I’ve created this blog post because I wanted to share the questions that I asked myself when I set up Read The Room Events.  I see it as a practical, live example of how to apply the answers to the three questions and use the answers to structure my business offer.

1. What value do you bring to your customers?

This question is the key one, and the basis for everything you do. You must ask yourself what your customers are going to get from you. This needs to be clear and straightforward and immediately understandable

For example, if you are a creative design agency, then you might come up with a unique statement like:

“We help you to re-imagine your business”

If you are a pet sitter, then you might come up with a statement like:

“We look after your pet when you can’t. You can be sure they’ll know you love them”

So, like me, if you are an event production agency – then don’t sink into the background with all the other event agencies – you have to specialise in something – don’t be a generalist.  Stand out and be a specialist.

Read The Room Events works behind the scenes so that corporate marketers can pull rabbits out of hats.

2. Who will buy this value?

It’s important that you define your customer base, and remember that not everyone is your customer. Not everyone is going to want and need what you sell, and just as importantly, they might not be willing to buy from you, even if you have something that they can use.

How do you define your  target markets?

Make sure you are clear on what you are really delivering. Make sure you understand your value.

What does the value that you bring solve for your target market? If you are in website design, maybe your service can help a business to reach new markets. Then identify the most likely people or companies who have a need for this solution. Remember to make sure that whoever you are targeting has the capability to buy your offer. For example, there’s no point specifically targeting kids with expensive toys if they are not the financial decision makers – you’d need to be targeting the financiers in this caseIf you set up meetings to try to sell your product, make sure you are actually going to meet with the person who has the authority or capacity to say “yes”.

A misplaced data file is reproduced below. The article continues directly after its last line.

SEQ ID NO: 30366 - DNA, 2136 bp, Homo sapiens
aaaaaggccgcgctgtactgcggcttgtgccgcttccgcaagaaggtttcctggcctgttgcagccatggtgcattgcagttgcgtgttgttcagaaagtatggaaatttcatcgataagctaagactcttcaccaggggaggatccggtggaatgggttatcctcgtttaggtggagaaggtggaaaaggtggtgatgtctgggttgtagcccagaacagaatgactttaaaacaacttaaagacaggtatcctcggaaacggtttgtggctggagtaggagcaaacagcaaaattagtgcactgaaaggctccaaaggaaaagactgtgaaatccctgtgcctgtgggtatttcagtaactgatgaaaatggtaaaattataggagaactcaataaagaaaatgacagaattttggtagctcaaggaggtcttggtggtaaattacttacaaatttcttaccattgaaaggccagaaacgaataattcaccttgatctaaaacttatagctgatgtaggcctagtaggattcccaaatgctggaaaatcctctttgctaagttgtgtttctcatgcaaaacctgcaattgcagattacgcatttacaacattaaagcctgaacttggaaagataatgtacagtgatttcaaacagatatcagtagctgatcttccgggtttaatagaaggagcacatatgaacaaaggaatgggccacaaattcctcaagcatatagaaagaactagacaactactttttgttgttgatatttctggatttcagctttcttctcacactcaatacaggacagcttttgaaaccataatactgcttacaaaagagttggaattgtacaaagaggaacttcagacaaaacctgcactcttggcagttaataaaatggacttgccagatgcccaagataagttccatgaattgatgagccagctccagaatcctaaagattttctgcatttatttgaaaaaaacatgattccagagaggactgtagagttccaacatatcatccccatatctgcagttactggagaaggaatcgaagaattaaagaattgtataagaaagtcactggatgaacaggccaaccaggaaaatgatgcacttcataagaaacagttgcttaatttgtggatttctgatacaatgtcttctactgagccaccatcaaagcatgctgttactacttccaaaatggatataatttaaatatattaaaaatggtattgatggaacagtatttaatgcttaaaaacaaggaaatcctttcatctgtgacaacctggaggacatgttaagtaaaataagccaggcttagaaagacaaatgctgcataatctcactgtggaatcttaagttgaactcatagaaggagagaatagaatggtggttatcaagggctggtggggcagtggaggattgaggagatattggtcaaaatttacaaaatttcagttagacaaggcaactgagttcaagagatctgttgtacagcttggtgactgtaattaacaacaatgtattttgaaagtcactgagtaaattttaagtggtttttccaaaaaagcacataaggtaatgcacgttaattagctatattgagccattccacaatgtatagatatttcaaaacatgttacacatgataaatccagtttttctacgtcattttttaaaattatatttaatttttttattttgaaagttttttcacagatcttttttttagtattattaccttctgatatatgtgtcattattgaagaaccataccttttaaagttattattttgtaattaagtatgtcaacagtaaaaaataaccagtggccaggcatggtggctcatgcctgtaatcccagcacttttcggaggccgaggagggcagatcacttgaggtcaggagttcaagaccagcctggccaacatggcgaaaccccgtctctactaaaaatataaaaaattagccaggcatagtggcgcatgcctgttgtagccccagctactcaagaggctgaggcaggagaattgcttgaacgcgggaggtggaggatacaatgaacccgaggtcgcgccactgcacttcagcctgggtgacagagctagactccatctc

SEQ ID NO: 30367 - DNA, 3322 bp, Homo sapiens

3. How are you going to get to your targets?

The trick to reaching your audience is knowing who they are and knowing where they are likely to be reached. You have to be present wherever your customer is likely to be present. Put yourself in their shoes. What do they read, where do they go, how do they think?. For example, ask yourself:

  • Where do my buyers go for news?
  • What do my buyers listen to when they need advice?
  • Is there a magazine, website, or industry publication that they consistently turn to for information or pleasure
  • How are other people reaching them?
  • Am I really sure I have the right profile of my buyer?
  • Do my buyers meet in groups or congregate somewhere that I could also be present so that I can get in front of them?

The number and types of questions that you will want to ask about reaching your market can be as long or short as your product or service needs, but the key point is that you need to make sure that you are basing your marketing decisions on hard, evidence-based information and not on the random suggestions of well-meaning friends, family, and experts ready to give you non bespoke advice.

Now you’ve determined how you are going to reach your target market, you need to decide which actions you are going to take in order to get to them. If you were providing a consultancy service of some kind, then you might be writing, speaking, and networking. Whatever your actions are, the key thing is that you understand what drives your decision making process about marketing your product or service and keeping track of that metric.

Regardless of your marketing mix, it’s also important to deliver your message in a consistent way to your target audience, but don’t stress about this too much because even if you don’t have a perfect message yet, delivering a message that’s not perfect in a consistent way is better than not delivering it at all.

Getting it all right the first time is not going to happen! So don’t worry about it. It’s better to do something, than nothing, and a plan is only there to throw stones at anyway….


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